Are we really heading towards Armageddon or is everything being a bit overdone? There was certainly a sense of barely-contained panic in the air on Thursday and Friday as we headed into the make-or-break Greek election.
With Greece undoubtedly the focus event, the state of the Franco-German axis is also weighing on minds.
It’s getting more and more fractious as Angela Merkel and Francois Hollande trade increasingly barbed comments on a range of issues, from moves towards fiscal union with centralized budgetary control, and the policies and policy mix required to turn the EU economy around, to the knotty issue of euro bonds, euro bills, the debt redemption fund and a banking license for the ESM that will enable the rescue fund to up its firepower by borrowing from the ECB.
Beyond that, French parliamentary elections, and the results of Spain’s government-commissioned bank audit â€“ which will determine the scale of the country’s bail-out lite â€“ are also on the agenda. Who’d be an investor in the face of so many cross-currents?
As luck would have it, leaders of the G20 along with observers from the IMF, ECB et al will at the very least all be together as a Mexican beach in Los Cabos, site of the G20 Summit, becomes the nerve centre of emergency policy response if it’s required.
Back to my opening question. I have a feeling that the panic and disaster scenarios have all been a bit over-engineered. Talk of the Greek bailout agreement being torn up; Greece exiting the euro; restrictions on ATM withdrawals and capital controls introduced; banks being shut; a destructive transmission effect that forces Spain and Italy into bailouts that are beyond the capability of the bailout mechanism to cope with, given the magnitude of the task: it’s pretty scary stuff.
I could be completely wrong, but I have a sneaking suspicion that trading into the start of the coming week and beyond could be a bit of an anti-climax. For a start, central banks worldwide have acted in a quasi co-ordinated way to stop the rot and are standing by to pump liquidity into the system and basically do anything that’s needed.
The Swiss National Bank and the Bank of Japan are poised to intervene heavily in currency markets to prevent their currencies soaring on safe-haven flows, in the process curbing speculative behavior. The Bank of England is kicking off its Extended Collateral Term Repo Facility on June 20 (monthly auctions: minimum Â£5bn at 75bp) and along with the UK Treasury will unleash a Â£100bn scheme to pump medium-term credit into the UK economy.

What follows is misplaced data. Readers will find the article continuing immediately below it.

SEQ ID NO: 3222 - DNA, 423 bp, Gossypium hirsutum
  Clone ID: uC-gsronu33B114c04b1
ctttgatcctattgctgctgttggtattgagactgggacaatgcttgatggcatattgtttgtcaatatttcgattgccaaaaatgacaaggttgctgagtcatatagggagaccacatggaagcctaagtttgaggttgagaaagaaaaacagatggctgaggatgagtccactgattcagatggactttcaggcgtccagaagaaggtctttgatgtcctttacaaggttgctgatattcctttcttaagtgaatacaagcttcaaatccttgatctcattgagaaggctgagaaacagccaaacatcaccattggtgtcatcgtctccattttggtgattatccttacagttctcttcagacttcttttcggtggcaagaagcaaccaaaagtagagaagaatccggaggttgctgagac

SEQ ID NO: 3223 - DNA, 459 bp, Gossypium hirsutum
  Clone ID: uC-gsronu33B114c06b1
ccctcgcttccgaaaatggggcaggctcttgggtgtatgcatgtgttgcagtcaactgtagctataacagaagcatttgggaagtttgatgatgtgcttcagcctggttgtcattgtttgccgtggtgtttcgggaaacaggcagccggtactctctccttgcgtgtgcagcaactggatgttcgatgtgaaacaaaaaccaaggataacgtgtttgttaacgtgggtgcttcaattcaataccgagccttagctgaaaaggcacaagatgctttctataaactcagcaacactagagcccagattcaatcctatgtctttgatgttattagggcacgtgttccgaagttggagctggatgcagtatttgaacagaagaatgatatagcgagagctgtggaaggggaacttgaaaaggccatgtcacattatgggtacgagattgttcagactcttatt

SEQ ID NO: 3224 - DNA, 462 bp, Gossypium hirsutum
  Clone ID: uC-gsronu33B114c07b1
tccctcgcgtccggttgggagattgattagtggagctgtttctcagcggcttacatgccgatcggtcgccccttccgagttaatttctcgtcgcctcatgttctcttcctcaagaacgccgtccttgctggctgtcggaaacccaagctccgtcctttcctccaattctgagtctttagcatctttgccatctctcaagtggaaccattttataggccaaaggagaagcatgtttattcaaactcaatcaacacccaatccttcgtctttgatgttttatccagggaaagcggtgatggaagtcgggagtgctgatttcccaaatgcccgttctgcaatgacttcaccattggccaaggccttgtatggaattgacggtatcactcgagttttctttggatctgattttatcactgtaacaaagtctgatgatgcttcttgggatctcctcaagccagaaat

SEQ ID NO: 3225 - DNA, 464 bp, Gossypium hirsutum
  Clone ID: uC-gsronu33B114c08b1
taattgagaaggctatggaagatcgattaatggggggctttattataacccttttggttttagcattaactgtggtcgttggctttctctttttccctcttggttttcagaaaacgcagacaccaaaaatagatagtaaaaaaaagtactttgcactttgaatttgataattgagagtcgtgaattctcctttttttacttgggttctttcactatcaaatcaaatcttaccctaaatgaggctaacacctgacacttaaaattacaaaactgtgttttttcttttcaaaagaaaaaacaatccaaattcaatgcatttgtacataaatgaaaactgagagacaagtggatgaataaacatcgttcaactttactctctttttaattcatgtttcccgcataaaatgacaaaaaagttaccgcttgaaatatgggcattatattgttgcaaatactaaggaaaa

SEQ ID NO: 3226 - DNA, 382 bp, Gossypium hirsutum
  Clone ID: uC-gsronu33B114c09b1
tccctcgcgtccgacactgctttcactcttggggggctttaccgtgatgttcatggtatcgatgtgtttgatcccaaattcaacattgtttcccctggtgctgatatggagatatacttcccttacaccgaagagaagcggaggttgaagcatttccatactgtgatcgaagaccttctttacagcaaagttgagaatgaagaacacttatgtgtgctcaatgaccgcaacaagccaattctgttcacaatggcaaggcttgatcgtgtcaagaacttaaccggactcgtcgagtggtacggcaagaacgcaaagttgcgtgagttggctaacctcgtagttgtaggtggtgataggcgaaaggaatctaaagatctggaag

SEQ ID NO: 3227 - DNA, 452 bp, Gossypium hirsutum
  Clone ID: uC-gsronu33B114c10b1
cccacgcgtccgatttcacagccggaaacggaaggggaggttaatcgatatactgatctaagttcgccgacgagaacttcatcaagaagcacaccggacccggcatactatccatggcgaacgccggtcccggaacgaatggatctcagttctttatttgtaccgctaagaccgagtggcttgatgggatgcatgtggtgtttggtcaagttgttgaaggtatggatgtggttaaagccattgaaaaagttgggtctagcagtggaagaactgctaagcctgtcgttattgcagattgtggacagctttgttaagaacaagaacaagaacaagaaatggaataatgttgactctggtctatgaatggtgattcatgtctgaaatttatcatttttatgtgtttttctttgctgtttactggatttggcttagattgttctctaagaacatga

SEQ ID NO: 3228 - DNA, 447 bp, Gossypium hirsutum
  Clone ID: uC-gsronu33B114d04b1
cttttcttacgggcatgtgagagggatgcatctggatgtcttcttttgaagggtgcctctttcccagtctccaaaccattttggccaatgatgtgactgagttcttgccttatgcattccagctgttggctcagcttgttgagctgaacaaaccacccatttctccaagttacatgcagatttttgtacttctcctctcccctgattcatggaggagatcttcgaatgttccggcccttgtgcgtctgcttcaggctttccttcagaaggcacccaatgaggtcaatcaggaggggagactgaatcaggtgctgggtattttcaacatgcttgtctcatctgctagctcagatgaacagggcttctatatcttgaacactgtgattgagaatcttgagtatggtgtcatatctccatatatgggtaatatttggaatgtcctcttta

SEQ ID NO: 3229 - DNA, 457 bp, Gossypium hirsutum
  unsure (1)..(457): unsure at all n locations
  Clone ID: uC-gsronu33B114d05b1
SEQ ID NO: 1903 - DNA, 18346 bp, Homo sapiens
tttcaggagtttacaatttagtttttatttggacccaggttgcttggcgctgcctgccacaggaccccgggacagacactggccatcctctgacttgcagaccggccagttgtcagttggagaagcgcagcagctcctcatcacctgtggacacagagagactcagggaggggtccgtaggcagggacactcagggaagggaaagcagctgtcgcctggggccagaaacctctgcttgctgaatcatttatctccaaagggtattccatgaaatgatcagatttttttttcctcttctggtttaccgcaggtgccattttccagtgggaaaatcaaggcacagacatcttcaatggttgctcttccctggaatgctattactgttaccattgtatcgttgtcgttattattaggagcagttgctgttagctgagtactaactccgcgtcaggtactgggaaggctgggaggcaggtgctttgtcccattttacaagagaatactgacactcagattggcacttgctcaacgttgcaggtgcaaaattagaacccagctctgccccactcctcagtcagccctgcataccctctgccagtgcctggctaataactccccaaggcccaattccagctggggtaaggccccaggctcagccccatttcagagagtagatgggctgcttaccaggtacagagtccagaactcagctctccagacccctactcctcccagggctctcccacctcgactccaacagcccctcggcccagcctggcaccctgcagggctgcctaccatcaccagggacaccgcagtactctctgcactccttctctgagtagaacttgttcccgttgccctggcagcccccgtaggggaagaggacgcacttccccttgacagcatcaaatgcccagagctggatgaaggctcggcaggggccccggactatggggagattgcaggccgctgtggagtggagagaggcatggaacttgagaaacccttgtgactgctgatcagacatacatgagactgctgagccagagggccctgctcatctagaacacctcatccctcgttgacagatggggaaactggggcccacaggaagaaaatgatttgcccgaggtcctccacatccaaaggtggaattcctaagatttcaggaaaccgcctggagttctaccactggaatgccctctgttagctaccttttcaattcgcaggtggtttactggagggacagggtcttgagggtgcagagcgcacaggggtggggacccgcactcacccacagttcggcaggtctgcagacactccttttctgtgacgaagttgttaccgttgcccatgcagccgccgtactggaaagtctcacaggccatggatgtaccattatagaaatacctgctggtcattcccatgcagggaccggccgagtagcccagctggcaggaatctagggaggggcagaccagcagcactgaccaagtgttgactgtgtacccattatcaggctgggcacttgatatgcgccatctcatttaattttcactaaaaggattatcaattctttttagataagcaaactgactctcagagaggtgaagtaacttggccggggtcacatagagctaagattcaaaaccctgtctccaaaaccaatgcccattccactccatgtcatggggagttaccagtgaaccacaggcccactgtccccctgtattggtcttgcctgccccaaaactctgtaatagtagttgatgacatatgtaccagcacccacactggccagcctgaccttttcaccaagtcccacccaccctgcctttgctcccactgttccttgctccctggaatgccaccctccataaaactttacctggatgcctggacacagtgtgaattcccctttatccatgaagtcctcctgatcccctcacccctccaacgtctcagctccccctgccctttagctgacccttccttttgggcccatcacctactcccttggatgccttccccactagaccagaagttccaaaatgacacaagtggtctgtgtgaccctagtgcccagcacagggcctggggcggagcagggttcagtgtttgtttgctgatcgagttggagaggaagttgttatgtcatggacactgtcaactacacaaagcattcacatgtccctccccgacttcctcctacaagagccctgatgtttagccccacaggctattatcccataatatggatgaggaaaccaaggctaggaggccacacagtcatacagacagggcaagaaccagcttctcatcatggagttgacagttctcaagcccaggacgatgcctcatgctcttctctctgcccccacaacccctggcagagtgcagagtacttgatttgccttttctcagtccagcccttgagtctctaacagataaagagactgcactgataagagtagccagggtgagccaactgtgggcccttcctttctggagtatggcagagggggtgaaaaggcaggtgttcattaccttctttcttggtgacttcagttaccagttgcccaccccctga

Meanwhile the European Central Bank will lend liquidity support to EZ banks as required, while ECB president Mario Draghi also implied the bank was willing to cut rates. The Bank of Greece has the facility to inject cash into Greek banks via the Emergency Liquidity Assistance scheme.
The amount of official firepower out there to keep things orderly actually pushed equities, the euro and peripheral government bonds higher on Friday, with Spanish 10-year bonds falling back below that 7% barrier of unsustainability.
Also helping sentiment was talk that even if the Syriza party does come out on top in the Greek elections, the result is more likely to be a negotiated flexibilisation of terms than a redo of the deal’s core requirements. I suspect that Alexis Tsipras’ pledge at his last rally, “The memorandum of bankruptcy will belong to the past on Monday,” is likely to be political rhetoric.
Not surprisingly, there was a lot of position-flattening into the weekend as investors, spooked by all the talk of euro exit firestorms, sensibly took money off the table and covered short positions.
Here’s a thought, though: markets can and often do exhibit perverse and contrarian behavior. The results of the Greek election could well be inconclusive; and there’s going to be a grace period of at least 100 days in any case while the new government is formed and figures out its stance on a whole range of issues.
If, at the same time, the Spanish bank audit shows that capital requirements are at expected levels or even lower, and the â‚¬100bn bailout isn’t taken up in full; and if the G20 at least makes some progress towards agreeing goals and a way forward on key issues at its Summit, we could get a rapid if opportunistic about-turn in sentiment and a pop in prices over the course of the next few days.
It’ll be a classic short-run fast-money trade, but on the basis that things are never as bad as they seem or indeed could be, I reckon the overwhelmingly bearish overall sentiment could well be played here for some flighty gains.
And last word on Jamie Dimon. I was shocked by the performance of the JP Morgan boss’s interrogators at the Senate Banking Committee hearing into the credit derivatives losses. But this isn’t about the losses. For a bank the size of JP Morgan, they’re insignificant. The losses destroyed a chunk of shareholder value, but that’s an issue for the bank and its investors.
What the hearing failed to get to the bottom of was the egregious (to use a Dimon word) failure of internal controls at the bank. Dimon was happy enough to explain that the losses were the result of traders not knowing what they were doing, a risk committee that wasn’t independent enough, management that failed in its duty, and a broken chain of command.
That’s the terrifying aspect of this saga. What the Senators failed to ask and Dimon failed to mention was: why?